Gerber Bear Grylls Survivor Series Serrated Folding Knife

There're certain benefits that come with using old gear in the woods - the main one of which is that the user is afforded with the ability to really appreciate (in a best-case scenario) the intended design effort that had been put into the creation of a product in terms of its durability. 

Every now and again, we come across these particular products that last for years - packs, tents, shoes, and, in this case, knives, that we get the absolute most out of and feel committed to always purchasing that brand from thereon out. 

The Bear Grylls Survivor Series knife is one such item. I had been gifted the set about two years ago and used it, in rotation with other knives, rather frequently, most often to whittle tent spikes and cut a variety of cords and wires (and give me some peace of mind in wolvey areas of forest). Since then, I've gone through two other knives that I had purchased afterwards - a Les Stroud edition Camillus flint knife that somehow just fell apart on me. 

The specs, as taken from the Gerber retailer website:  

    • Overall Length: 7.3’’

    • Closed Length: 4.0’’

    • Blade Length: 3.24’’

    • Weight: 2.54 oz.

    • Thin and Lightweight Folding Knife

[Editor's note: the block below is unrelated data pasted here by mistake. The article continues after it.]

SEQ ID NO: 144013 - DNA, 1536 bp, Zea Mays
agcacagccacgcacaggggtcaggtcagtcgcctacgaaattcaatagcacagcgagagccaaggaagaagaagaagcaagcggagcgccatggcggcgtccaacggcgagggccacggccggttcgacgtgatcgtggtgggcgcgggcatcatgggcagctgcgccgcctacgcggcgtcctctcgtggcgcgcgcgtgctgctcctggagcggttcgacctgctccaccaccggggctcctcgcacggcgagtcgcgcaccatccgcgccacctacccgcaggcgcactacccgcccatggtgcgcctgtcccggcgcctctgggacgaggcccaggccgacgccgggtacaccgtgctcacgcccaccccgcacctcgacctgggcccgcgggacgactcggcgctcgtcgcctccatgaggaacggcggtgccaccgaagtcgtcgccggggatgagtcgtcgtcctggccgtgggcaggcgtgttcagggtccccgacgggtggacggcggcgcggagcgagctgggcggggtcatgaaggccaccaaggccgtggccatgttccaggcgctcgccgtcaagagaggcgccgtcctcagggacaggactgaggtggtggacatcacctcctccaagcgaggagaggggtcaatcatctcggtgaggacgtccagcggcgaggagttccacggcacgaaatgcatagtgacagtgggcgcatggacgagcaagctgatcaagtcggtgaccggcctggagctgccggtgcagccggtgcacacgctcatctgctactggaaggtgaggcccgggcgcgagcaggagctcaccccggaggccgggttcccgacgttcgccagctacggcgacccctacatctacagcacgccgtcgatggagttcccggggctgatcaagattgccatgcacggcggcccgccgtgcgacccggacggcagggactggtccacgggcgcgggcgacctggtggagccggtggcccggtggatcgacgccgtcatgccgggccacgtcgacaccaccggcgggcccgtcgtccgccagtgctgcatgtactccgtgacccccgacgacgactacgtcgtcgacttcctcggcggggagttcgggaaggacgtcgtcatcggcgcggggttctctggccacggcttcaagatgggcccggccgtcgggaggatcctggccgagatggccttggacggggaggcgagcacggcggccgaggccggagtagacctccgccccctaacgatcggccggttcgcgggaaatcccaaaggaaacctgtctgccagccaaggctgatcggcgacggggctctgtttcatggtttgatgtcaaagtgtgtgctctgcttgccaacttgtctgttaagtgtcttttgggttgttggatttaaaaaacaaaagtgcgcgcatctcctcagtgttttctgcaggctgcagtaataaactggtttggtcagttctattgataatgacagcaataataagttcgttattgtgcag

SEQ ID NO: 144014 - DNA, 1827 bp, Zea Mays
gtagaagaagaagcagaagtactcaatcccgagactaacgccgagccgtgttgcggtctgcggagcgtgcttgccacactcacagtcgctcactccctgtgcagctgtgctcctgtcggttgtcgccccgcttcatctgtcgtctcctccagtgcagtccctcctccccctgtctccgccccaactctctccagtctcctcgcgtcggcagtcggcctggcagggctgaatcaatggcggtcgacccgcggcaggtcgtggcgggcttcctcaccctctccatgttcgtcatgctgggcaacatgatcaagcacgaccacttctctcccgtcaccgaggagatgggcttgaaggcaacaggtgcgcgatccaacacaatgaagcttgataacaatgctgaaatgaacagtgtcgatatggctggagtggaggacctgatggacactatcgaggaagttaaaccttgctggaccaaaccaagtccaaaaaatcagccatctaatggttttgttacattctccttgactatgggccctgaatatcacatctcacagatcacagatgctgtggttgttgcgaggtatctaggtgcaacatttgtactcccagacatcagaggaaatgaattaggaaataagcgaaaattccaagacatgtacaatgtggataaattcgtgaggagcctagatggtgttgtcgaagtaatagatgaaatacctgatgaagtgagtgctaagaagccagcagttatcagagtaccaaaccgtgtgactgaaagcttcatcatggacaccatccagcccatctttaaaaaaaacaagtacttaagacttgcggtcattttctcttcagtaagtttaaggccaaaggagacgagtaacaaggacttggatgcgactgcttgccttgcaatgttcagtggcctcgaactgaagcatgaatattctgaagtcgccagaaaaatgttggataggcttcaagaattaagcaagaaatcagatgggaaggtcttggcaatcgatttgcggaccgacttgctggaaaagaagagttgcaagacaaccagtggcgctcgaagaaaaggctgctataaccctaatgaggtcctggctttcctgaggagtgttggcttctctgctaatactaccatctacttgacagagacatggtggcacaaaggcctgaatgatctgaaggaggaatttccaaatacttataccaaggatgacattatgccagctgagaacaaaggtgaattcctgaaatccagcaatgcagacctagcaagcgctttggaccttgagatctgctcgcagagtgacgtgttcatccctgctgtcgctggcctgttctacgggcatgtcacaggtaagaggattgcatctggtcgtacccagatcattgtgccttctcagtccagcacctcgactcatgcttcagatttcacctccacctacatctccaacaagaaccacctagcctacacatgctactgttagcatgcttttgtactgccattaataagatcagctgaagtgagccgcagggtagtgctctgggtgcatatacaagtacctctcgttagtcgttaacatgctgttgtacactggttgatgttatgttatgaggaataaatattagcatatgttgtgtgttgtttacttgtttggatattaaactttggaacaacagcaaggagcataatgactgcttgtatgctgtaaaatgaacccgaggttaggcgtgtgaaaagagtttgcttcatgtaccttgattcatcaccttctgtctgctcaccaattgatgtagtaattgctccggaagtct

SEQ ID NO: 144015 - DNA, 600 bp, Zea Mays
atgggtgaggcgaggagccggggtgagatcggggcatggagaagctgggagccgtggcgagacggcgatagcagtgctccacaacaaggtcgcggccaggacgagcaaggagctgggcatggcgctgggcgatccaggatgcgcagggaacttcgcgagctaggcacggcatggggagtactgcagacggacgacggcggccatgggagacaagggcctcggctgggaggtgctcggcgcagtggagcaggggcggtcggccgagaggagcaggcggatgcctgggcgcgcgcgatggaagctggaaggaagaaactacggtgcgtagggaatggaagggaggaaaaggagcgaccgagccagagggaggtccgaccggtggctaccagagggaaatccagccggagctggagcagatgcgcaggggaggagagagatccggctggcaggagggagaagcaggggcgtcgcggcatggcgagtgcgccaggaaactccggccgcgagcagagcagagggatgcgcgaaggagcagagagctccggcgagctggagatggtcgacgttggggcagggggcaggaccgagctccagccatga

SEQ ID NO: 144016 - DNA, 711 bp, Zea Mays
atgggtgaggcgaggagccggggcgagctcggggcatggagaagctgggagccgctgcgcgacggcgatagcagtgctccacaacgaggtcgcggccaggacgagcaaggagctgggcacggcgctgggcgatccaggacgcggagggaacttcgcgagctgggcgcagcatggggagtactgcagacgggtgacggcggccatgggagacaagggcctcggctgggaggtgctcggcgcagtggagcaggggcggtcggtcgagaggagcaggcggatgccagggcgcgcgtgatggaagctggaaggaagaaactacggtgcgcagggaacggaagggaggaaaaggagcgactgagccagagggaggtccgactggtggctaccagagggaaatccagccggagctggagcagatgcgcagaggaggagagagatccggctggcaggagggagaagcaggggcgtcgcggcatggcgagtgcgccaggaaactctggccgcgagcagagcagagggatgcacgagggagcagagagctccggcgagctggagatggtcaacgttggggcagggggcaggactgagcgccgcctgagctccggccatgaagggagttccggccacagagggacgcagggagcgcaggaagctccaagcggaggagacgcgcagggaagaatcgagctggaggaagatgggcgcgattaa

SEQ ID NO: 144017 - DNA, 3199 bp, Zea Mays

• ½ Serrated High Carbon Stainless Steel Drop Point Blade - Ideal for edge retention and cutting rope

    • Dual-Sided Thumb Stud - For easy single-hand opening

    • Ergonomic Textured Rubber Grip - Maximizes comfort and reduces slippage

    • Lock Back - Locks blade securely in place and maximizes safety during closing

    • Clip for convenient pocket carry

    • Priorities of Survival - Pocket guide contains Bear’s survival essentials

Every point made above isn't at sharp and true as the point on the blade itself, which has withstood the tests of time like no other knife I've used before.

Prying, twisting, forced leverage, and impact haven't been able to win out over the blade while the folding mechanism and handle have withstood years worth blunt impacts, pressures, and a variety of demanding uses. 

The blade's never loosened from the handle, sharpens quickly and still locks securely. 

The stake in the photo above is 3-4 inches wide and I had been able to whittle it to a point in mere handful of minutes, pretty much effortlessly, with this knife. 

The high carbon stainless steep blade has an excellent grip when pressed at an angle with great edge retention and the serration ratio allows for easy maneuvering with solid accuracy of all cuts and shaves. 

The clip, a piece that can't always be trusted, is still as sturdy as ever, though I'll admit I hadn't often had the knife clipped as often as I'd just carry it in my pack. The dual sided thumb stud, in my opinion, is rather redundant and unnecessary but some who prefer thumb studs would likely say otherwise.

Lastly, and most trivially, is the bright orange highlights on the top and bottom of the handle. On several occasions, I've lost this knife on the forest floor and had been able to find it (once while even back tracking a kilometer or two to find it) simply because of this little touch of foreseeing detail. 

A 10/10 on my scale - Even years after moderate use, I hadn't been able to find one flaw apart from a redundancy (the dual thumb studs) that others may find useful. Without a word of exaggeration - it's the perfect bring-along knife for any excursion. 



Read On: Les Stroud Cammilus Folding Flint Knife